Redevelopment Partners In Slime

Redevelopment Partners In Slime

Katy Grimes: Trying to fill the thrice-vacant City Manager position, Sacramento’s City Council made a job offer to a candidate yesterday. But the politically incestuous connection local politicians have with John Shirey, the candidate and current head of the California Redevelopment Association, reeks like stinky fish.

“Council members voted 8-1 in a closed session to approve John Shirey to the high profile, volatile job…” CBS news reported.

Shirey currently works in Sacramento as top dog of an agency looking deep into the abyss, after passage of Gov. Jerry Brown’s budget bill to kill redevelopment agencies in the state.

But Shirey fought back after Brown first proposed the agency elimination, albeit using a weak argument. At a committee hearing last Spring, Shirey claimed that the governor’s proposal was unconstitutional — even after State Finance Director Anna Matosantos said there was no unconstitutionality at all with the proposal, and guaranteed that it was “within the legal limits to eliminate an agency.”

And after it appeared that Brown’s budget cutting measure was growing legs, Shirey was at the helm watching as redevelopment agencies throughout the state began approving projects at record speed, increasing bond indebtedness and state obligation.

Fortunately, Sacramento’s Mayor Kevin Johnson,was not enamored of Shirey’s candidacy, as his was the only “no” vote in yesterday’s closed council session.

Sacramento has a long history of questionable publicly funded redevelopment projects, as well as preferential treatment for a few local developers. And the Sacramento Housing and Redevelopment Agency is not one of the redevelopment agencies working on altruistic cleanup projects, as many proponents try to claim.

Most recently completed redevelopment projects in Sacramento include the controversial “Dive Bar,” also known as the Mermaid Bar on the blighted and crime laden K Street Mall. The owners of the Mermaid Bar received more than $6 million in total redevelopment subsidies, which they used to build the bar on the downtown mall.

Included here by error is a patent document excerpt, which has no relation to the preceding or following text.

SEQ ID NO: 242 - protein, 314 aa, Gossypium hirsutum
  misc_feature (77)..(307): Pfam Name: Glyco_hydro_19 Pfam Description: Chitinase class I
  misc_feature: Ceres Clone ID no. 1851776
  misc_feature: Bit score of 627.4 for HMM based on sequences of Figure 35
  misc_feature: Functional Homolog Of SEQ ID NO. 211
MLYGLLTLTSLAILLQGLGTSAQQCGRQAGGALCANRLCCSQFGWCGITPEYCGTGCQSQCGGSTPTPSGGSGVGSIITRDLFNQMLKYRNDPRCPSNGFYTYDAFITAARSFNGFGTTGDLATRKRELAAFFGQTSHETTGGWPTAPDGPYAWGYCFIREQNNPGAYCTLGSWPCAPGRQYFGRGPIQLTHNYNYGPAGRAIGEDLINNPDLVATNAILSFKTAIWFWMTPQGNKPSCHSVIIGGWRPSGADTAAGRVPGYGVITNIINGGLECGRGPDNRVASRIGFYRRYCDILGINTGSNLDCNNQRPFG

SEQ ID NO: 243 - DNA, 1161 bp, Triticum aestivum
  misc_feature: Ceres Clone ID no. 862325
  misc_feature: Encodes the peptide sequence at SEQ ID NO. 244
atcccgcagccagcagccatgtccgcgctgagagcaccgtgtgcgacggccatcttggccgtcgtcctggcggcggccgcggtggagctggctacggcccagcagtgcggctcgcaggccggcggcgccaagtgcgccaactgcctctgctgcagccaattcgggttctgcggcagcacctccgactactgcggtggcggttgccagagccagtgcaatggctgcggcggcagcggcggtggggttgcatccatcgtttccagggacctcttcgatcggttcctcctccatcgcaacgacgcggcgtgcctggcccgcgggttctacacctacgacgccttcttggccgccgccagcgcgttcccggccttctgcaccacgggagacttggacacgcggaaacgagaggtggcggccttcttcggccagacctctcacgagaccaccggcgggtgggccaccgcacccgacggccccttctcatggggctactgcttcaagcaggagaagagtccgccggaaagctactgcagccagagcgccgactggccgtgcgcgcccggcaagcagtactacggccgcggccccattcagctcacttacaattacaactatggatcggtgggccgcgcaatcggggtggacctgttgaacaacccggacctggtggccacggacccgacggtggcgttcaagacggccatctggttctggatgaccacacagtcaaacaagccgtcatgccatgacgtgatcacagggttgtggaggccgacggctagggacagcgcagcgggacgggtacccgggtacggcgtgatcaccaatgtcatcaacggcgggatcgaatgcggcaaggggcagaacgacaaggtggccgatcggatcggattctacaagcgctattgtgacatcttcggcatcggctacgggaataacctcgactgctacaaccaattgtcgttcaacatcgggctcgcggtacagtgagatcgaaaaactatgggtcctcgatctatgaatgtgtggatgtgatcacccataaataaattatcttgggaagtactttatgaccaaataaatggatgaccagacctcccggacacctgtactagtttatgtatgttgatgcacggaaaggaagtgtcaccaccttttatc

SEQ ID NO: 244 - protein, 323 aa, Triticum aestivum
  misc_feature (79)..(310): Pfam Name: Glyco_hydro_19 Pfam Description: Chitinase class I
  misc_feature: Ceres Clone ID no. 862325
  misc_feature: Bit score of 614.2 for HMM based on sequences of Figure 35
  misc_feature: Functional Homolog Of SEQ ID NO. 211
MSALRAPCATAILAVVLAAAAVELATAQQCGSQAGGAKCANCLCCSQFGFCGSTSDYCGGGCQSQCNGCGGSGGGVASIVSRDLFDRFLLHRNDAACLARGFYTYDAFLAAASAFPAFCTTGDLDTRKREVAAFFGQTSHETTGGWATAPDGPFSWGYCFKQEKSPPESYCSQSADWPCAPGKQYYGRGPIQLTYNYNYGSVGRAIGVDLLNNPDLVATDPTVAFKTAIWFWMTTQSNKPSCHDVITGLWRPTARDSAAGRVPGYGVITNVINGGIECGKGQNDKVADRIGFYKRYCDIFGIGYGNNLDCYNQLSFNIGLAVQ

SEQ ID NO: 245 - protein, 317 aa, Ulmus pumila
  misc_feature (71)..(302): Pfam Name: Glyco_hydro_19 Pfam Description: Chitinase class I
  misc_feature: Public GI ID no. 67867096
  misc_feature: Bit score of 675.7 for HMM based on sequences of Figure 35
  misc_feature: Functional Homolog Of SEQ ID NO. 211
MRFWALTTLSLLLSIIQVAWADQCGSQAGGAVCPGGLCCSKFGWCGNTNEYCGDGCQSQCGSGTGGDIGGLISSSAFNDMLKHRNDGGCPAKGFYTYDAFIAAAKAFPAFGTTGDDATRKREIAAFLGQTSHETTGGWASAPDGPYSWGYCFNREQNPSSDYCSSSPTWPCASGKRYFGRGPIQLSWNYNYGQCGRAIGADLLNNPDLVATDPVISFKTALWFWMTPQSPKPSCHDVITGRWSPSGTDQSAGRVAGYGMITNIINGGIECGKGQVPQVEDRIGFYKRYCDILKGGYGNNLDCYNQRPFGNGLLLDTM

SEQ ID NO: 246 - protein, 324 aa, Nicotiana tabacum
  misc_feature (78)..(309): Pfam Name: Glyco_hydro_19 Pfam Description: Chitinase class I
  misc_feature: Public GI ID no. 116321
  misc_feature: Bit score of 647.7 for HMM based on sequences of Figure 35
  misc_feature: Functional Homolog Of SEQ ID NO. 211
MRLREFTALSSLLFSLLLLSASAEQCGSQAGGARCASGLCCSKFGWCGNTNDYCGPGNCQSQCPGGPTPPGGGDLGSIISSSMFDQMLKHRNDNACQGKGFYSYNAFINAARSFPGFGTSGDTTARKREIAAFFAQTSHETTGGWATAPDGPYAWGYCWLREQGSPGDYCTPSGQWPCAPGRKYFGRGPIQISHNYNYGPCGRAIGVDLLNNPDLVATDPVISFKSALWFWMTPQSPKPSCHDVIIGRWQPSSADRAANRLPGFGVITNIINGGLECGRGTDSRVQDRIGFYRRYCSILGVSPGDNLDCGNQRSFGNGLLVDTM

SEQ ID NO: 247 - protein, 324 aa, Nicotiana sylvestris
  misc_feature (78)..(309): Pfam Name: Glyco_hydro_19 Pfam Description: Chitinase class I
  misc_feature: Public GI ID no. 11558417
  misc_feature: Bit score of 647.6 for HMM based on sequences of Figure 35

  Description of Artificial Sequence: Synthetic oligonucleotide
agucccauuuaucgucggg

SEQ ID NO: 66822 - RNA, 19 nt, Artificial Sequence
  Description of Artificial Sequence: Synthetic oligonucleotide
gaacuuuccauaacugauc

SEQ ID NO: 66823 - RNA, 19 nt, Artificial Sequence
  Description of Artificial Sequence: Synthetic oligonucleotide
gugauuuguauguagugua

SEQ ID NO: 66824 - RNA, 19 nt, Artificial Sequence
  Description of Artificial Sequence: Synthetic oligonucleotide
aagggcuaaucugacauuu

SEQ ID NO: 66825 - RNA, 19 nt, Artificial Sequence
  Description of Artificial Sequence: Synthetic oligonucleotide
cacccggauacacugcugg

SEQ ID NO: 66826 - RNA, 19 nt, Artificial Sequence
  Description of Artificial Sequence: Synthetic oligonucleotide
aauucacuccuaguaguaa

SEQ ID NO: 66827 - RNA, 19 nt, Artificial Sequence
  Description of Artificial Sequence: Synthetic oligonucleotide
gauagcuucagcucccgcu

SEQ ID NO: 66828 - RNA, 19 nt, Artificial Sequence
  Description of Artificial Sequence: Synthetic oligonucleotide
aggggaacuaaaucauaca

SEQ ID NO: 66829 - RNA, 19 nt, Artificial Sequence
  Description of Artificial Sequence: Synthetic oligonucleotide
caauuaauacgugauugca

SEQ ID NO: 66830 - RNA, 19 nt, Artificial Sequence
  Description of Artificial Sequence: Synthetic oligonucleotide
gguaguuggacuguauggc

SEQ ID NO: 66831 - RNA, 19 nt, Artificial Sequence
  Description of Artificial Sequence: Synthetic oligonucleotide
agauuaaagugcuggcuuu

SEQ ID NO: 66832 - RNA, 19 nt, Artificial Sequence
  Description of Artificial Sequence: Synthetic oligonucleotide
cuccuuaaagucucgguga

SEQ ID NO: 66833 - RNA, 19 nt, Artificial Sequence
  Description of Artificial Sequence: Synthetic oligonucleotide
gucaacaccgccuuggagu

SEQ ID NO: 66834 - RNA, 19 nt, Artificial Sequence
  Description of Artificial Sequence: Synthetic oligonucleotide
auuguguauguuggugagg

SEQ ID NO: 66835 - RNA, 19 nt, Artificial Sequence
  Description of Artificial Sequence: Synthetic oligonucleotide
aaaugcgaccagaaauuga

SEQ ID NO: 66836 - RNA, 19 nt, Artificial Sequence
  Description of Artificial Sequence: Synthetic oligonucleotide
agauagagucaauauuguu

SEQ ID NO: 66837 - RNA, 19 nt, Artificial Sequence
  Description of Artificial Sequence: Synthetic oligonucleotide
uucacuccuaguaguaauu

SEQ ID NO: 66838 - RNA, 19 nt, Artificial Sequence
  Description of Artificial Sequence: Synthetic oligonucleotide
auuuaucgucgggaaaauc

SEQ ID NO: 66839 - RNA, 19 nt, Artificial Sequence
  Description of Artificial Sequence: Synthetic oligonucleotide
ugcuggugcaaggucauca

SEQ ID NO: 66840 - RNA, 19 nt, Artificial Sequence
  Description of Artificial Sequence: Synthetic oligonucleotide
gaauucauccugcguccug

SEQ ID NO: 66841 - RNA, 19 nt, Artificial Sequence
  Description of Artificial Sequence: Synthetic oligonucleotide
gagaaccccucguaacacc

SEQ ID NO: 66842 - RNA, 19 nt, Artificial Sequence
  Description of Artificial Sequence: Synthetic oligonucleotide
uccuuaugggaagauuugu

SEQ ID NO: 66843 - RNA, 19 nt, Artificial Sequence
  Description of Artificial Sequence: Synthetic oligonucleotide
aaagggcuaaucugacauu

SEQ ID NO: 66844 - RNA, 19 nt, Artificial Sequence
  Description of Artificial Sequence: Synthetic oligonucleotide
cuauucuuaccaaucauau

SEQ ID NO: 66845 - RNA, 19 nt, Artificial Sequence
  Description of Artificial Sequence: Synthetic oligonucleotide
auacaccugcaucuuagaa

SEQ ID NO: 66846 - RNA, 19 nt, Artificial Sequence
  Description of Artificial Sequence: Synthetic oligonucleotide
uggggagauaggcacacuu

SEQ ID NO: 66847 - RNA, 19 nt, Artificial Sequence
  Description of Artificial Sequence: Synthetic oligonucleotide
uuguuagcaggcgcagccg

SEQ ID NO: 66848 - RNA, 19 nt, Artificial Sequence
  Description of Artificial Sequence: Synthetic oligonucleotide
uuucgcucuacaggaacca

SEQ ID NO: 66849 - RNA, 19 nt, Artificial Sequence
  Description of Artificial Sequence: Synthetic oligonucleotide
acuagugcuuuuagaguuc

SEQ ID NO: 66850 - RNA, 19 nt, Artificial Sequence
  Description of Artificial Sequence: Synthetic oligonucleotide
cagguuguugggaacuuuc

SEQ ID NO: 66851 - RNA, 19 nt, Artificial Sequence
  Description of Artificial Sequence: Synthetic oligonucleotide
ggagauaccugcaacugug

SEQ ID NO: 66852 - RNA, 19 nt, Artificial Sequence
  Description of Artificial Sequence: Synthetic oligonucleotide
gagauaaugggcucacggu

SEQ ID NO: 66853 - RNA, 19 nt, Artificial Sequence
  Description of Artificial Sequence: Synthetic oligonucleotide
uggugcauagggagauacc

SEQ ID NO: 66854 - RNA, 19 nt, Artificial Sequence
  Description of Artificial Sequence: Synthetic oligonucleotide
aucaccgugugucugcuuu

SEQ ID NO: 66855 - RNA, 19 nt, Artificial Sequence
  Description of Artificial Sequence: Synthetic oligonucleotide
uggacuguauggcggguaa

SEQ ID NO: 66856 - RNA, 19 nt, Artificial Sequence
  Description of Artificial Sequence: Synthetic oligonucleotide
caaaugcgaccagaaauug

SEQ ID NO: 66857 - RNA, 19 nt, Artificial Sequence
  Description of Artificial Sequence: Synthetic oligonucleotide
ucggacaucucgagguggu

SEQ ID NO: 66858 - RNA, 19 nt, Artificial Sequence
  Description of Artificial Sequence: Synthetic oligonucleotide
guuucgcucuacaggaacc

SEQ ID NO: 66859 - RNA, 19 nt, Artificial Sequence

And as head of California’s redevelopment agency, Shirey has had a key role in the fight against eminent domain reform –  practices which use extortion tactics to often intimidate and eventually grab privately-owned properties more cheaply.

Even State Treasurer Bill Lockyer said at a Spring hearing that he supported Brown’s proposal, and called redevelopment agencies “vampire agencies sucking blood from everyone around them.”

After Brown’s proposal, the Legislative Analyst’s Office reported, “Redevelopment agencies lack some of the key accountability and transparency elements common to other local agencies. Specifically, unlike other local agencies, redevelopment agencies can incur debt without voter approval.”

So while the Brown most definitely did the right thing eliminating the “vampire agencies,” Sacramento City Council members showed their lack of leadership and weaknesses, while hiring a time-tested bureaucrat for the important job.

An interesting aside was the absence of reporting on this big Sacramento news. The local CBS television news channel reported the story last evening on the 10:00 p.m. news. But there was no mention of candidate Shirey or the city council vote in today’s print version of the Sacramento Bee.  The Bee story went online today at 11:15 a.m, nearly 12 hours later.

JULY 21, 2011

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